Given All The Facts

In every subgroup containing virtue it is simple enough to state that the conjunctions of r and s etc. are empty and not in the indexing set. But with the four subgroups that do not so contain virtue; does the indiscernibility of positive properties from a virtue suffice to close the sets? I argue that yes, it most certainly does. Each of the six properties not virtues are constructed in the maximal sense as in predicates of sets; being all "a" such that a=>r or all "b" such that r=>b etc.

In these properties it is easy enough to argue that these equivalents are "indiscernible enough" so that the statement that for instance, given v, I have the K4 triple r + u&v = v.

I must argue that r&u&v is not in the indexing set.

Now in the book it is argued that r and u&v are disjoint sets. Then the intersection is empty. That is not to state that r&u&v is not a positive property, is it?

If Pos(r&u&v) then N¬(Pos(r&u&v)-1) <=> N¬(r-1&¬(u&v)) which is also to state that; r-1=>u&v or (u&v)-1=>r.

Then the positivity of the excluded middle implies that the disjunction r v (u&v) holds, but then there is no excluded middle. So the inconsistency of Pos(r&u&v) is shown. it may not be a positive property: it privates itself. (There is also no equivalence to virtue, one property must be axiomatically "positive". The statement should be properly formed: I.e. r v (u&r-1=> u&v). Then N¬(u&r-1&¬v) or N(r&v&¬u) and Pos(r&u&v) is "impossible".)

Likewise given Pos(x&y) I have "x v y" in every sense it may be applied: The facts are such that it simply holds that each triple from the octal which together form subgroups are also closed.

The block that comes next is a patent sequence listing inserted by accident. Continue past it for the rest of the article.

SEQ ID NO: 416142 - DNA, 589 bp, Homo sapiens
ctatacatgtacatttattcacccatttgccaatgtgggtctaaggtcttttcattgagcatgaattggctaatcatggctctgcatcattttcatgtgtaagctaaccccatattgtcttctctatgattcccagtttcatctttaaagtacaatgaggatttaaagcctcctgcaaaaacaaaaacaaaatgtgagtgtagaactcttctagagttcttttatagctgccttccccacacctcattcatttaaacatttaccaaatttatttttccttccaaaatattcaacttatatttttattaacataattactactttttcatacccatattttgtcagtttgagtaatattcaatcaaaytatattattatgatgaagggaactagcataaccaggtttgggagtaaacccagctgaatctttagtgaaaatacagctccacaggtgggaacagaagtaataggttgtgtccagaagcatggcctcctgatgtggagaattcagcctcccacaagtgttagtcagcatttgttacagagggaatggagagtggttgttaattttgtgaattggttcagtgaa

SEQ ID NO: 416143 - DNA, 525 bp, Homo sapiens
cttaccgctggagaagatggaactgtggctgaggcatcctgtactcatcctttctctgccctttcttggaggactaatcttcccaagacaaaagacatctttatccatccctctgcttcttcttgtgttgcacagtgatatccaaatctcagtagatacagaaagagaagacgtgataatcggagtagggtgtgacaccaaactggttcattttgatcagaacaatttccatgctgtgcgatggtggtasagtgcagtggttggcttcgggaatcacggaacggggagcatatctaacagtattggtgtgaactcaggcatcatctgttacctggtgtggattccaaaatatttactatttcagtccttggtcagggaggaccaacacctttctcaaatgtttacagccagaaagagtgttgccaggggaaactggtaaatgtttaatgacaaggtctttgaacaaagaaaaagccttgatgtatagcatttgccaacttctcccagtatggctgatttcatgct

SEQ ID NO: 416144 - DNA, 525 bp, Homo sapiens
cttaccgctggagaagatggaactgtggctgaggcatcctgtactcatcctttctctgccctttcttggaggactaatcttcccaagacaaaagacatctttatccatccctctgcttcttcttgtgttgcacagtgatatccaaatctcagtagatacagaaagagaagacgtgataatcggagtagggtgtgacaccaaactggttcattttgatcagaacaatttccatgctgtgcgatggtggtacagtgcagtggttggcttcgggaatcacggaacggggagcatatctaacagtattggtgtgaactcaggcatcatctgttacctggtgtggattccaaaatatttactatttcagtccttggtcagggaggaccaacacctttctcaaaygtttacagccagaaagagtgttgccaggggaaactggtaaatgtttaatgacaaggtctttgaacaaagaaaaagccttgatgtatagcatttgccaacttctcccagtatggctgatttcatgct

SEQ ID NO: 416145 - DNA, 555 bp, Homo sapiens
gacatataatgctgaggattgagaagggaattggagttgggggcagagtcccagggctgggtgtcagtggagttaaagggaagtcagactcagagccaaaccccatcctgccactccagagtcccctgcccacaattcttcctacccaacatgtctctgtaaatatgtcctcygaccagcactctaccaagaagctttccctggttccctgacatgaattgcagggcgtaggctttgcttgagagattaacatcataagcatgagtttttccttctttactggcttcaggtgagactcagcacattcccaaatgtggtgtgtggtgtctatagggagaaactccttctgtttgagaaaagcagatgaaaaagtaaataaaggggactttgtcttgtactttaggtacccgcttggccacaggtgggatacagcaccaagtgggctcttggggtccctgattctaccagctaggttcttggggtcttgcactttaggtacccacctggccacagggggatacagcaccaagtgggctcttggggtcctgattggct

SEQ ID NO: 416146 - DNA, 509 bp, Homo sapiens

Then what may I state of Pos(x&y)-1? only that Pos(x-1&y-1) holds and so x and y hold as negative. Yet once again this follows from the disjunction on both sides. Then because x&y is not a positive property, (x&y)-1 is not exemplifiable in a positive sense as given the same disjunction, (x&y)-1 is or must be "out of scope". I should limit the indexing set again.

In fact given p, the 'negation' of (r&s)-1 is not r&s but is actually u&v. If I am limited to the indexing set {p, r, s} and r&s is certainly not in the filter then it does not follow its complement must be! This complement would be in I \ W for some W in U, so must be in the indexing set: but I modified the indexing set to exclude r&s and its inverse! There is no quandary!

Then x&y is not positive, and may never be so, then what of its negation (x&y)-1? In fact, all I may state is that given free exercise between x and y, x&y is negative. (may never be positive.) There is one fallacy of equivocation to watch for and that is for (x&y)-1 to be mistaken for a virtue. (But it is entailed from both sides of r and s).

So then, every triple forming a K4 subgroup of the octal has a different indexing set: one that does not contain whatever analogue of x&y and (x&y)-1 is not "in scope" (in the indexing set) and also the union of these indexing sets is the whole set of positive properties - the ultrafilter of the octal group itself. It would almost seem that a lack of free exercise between Pos((x&y)-1) and Pos(x&y) is enough to exclude (x&y)-1 from the indexing set.

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